27.3.1920 - 6.1.2011

Commander John L. Aldridge RN was born at Combe St Nicholas, Somerset, the only son of Revd Geoffrey de Y Aldridge who was a ringer and Master of the Bath & Wells Association from 1901-1906.

John always wanted to pursue a naval career and was commissioned from Dartmouth just before WWII. During the next five years he served with distinction in many theatres of war, including the evacuation of Dunkirk, escorting Atlantic convoys to Russia and laying and sweeping mines in the North Sea. On one occasion his ship, HMS Express, was blown up by a mine in Dutch enemy waters. The Captain and 91 officers and crew were killed or injured. The ship had lost its bows, but under its own steam, proceeded astern during the night across the North Sea into home waters. John, one of the few surviving officers, was mentioned in despatches for his part in this extraordinary rescue.

His first marriage was to Joyce and they had two children Louise (Lulu) and Charlie. They lived happily at Holford in the Quantock Hills for many years and John took on responsibility for the (then) five-bell tower where he taught many people, including Joyce, to ring. Sadly, she died with breast cancer in 1974.

Later John met and married Penny and added five step-children to his family, moving to Stogursey and Spaxton before finally settling in Holford.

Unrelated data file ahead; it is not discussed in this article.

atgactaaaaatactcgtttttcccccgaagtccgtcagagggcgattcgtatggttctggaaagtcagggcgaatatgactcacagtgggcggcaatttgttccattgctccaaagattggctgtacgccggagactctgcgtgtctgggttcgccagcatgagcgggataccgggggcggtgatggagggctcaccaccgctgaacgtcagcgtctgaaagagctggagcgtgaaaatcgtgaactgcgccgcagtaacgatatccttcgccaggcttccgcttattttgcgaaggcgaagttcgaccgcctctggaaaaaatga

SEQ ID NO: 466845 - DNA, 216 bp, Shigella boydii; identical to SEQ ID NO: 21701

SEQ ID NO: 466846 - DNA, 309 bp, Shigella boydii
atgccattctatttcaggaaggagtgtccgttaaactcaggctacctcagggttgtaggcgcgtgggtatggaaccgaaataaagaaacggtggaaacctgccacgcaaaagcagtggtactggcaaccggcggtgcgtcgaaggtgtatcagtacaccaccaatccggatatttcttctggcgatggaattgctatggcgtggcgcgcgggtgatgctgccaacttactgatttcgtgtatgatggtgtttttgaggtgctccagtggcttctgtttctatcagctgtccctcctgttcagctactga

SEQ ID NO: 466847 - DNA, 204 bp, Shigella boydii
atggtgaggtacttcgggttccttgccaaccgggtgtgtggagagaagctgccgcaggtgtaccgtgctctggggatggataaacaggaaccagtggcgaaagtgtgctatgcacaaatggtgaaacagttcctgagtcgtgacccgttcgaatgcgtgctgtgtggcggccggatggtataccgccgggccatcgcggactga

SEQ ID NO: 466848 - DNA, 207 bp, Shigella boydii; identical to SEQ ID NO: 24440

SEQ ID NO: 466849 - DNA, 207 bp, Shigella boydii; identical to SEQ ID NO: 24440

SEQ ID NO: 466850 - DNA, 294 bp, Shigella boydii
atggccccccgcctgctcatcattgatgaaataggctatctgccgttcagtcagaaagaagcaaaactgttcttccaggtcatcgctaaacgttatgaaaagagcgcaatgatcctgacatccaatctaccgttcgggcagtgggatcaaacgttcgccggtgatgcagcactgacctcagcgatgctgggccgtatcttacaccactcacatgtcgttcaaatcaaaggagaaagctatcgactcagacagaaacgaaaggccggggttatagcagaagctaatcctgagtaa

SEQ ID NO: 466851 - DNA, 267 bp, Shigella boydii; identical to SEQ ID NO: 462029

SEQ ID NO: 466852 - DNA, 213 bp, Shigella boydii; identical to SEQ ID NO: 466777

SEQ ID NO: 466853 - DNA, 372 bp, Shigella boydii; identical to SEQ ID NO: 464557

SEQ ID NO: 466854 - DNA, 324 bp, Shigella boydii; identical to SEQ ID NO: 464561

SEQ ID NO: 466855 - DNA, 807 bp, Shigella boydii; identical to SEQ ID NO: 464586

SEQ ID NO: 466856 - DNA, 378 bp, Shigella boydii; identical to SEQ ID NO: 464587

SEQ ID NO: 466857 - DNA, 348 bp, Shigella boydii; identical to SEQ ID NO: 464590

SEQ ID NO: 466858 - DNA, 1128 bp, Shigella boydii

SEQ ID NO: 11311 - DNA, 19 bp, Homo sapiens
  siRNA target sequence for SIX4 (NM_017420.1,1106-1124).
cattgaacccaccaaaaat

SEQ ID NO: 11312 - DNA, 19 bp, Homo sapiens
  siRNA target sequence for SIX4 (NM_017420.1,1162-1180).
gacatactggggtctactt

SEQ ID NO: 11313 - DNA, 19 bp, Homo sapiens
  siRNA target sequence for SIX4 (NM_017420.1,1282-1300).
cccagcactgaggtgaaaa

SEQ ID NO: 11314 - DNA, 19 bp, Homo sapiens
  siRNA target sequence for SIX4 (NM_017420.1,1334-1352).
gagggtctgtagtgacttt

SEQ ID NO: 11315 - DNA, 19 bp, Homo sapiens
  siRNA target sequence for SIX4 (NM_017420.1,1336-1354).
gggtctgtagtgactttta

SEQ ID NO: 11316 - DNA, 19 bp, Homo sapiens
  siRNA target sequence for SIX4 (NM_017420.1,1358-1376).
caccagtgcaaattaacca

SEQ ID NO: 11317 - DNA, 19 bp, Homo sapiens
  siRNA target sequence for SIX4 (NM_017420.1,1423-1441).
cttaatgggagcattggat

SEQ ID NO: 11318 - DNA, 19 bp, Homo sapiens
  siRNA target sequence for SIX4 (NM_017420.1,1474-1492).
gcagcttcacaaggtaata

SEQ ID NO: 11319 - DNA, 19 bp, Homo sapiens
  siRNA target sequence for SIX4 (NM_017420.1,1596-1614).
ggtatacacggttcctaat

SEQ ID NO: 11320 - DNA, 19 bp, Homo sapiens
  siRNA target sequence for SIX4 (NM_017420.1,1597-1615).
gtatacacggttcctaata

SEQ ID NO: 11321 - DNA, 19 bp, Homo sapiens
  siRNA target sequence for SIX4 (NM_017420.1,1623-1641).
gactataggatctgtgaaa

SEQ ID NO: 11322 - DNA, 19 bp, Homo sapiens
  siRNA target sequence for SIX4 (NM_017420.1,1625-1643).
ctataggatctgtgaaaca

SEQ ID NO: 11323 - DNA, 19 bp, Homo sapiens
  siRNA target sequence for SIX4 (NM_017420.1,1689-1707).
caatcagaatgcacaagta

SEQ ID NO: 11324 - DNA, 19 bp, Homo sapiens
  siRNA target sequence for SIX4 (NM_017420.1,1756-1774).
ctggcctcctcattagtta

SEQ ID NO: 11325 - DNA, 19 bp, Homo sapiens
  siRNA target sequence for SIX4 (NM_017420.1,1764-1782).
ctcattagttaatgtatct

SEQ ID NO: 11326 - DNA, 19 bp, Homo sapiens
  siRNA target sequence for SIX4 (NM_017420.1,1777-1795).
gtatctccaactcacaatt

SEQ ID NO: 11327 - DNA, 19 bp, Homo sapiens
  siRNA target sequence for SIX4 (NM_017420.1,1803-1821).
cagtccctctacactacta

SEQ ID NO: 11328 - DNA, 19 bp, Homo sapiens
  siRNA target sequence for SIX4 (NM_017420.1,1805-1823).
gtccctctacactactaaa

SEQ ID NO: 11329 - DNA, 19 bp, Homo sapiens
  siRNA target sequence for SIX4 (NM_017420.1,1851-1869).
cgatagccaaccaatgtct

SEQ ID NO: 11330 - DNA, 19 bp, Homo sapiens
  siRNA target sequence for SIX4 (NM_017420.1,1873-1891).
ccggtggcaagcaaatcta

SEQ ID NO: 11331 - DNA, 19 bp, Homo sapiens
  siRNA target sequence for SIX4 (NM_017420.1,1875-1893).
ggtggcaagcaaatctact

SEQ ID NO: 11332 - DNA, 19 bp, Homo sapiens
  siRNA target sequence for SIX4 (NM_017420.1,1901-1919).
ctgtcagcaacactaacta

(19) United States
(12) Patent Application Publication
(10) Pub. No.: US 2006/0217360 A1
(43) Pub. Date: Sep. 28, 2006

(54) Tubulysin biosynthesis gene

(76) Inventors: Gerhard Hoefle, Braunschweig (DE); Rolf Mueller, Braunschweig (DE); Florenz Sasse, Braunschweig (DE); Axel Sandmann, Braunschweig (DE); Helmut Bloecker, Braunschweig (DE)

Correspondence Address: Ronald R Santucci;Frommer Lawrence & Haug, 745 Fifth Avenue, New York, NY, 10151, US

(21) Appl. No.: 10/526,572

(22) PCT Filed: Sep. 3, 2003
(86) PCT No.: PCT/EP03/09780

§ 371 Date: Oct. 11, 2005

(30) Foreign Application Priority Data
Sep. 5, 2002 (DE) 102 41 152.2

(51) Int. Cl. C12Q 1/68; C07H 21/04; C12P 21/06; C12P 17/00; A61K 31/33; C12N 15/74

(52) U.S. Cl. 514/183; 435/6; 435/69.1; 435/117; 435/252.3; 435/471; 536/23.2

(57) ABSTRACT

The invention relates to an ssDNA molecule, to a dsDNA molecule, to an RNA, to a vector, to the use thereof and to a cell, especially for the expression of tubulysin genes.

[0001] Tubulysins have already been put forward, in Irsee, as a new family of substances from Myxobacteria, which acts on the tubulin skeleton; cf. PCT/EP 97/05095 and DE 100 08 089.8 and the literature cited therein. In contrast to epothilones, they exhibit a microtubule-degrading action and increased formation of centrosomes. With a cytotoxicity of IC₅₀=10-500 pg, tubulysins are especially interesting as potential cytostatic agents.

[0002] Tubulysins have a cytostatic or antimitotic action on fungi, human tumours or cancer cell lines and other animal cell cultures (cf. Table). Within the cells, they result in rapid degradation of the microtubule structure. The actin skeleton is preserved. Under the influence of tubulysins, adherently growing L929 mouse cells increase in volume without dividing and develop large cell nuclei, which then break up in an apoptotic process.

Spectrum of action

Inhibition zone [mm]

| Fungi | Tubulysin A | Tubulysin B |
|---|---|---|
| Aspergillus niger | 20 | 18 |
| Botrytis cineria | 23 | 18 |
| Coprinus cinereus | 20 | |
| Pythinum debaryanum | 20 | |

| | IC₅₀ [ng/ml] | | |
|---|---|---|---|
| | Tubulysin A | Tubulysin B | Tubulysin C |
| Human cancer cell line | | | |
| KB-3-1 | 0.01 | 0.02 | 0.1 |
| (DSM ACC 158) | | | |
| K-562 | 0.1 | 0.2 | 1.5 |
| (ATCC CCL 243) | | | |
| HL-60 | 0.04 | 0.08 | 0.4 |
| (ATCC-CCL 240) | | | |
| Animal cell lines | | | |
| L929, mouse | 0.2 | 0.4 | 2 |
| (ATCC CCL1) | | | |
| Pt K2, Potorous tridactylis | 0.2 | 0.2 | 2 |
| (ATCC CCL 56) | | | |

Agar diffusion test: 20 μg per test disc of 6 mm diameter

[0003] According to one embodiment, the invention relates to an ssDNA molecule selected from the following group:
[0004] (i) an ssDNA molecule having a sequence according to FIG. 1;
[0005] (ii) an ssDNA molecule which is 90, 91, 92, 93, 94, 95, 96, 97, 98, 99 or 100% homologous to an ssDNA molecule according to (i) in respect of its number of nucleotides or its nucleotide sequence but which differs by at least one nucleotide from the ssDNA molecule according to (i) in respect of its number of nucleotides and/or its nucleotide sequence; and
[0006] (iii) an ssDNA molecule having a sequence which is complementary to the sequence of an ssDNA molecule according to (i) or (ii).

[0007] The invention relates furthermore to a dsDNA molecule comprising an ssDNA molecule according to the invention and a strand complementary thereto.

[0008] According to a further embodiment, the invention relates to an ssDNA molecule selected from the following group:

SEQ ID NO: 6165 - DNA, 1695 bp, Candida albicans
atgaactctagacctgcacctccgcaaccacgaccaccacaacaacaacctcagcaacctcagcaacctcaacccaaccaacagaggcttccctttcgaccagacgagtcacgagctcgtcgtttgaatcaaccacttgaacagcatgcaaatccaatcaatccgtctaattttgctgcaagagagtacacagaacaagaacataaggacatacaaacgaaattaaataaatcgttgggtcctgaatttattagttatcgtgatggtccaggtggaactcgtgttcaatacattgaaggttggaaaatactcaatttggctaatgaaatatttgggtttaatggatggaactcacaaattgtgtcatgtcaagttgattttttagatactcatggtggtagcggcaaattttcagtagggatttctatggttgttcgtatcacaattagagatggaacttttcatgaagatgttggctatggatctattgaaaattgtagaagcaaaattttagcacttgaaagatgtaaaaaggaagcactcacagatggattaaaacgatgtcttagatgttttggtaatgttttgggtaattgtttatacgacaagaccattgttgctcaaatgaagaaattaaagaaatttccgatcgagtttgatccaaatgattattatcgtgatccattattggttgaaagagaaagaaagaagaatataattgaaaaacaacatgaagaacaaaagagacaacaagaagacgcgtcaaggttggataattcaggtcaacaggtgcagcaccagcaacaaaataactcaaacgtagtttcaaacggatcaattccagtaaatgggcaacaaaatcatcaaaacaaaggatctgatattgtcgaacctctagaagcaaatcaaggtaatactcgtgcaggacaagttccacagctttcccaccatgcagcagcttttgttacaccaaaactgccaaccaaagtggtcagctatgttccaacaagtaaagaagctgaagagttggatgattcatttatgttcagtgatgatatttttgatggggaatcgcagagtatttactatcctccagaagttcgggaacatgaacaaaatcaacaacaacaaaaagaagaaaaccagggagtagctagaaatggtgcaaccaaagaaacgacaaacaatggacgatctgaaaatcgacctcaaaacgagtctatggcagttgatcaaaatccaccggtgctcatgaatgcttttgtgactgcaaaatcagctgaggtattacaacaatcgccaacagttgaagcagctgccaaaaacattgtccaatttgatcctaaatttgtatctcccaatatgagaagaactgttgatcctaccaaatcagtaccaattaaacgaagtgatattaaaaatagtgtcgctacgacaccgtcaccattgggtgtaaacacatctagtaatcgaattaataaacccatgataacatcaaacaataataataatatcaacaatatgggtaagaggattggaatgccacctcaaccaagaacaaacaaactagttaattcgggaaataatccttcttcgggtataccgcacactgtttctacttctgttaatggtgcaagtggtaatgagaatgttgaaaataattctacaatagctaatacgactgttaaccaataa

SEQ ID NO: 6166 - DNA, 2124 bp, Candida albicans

John rang just two peals. The first in July 1965 was the first peal on the bells rung to mark the 75th anniversary of the founding of the Bath & Wells Association. A week later he rang a peal of Minor at Durleigh, both of these being conducted by Brian Wylde. John also rang and called several quarter peals in the 1960s and 70s.

He did not seek the limelight, but was a loyal Sunday Service ringer and a great asset to various local towers, teaching and supporting sometimes struggling bands. He also undertook the job of Bridgwater Branch Secretary between 1966 and 1969.

John was a man of unshakeable faith, modest regarding his own achievements, but full of praise for those around him. The following words are taken from his own journal written ten years ago.

“After eighty years I can view death with equanimity, it is, after all, only a doorway we all have to pass through; what’s on the other side none of us know, but we hope for the best. Sixty odd years ago one’s expectation of life was about two minutes. Beyond that it was unwise to speculate; one might be dead, wounded or trying to keep afloat in the oily water. So, at my age, who am I to complain? I am just humbly grateful to have lived this long”.

Ten years later, the tiny church at Holford was full to overflowing for John’s funeral. The bells (now 6) were rung half muffled before the service. As the coffin, draped in the national flag and with John’s sword and medals on the top was carried from the church and taken to Taunton, a quarter peal was rung by six ringers who had all rung with him at the time he was Branch Secretary.

Valerie Stone

BB BellBoard
CC
Central Council of Church Bell Ringers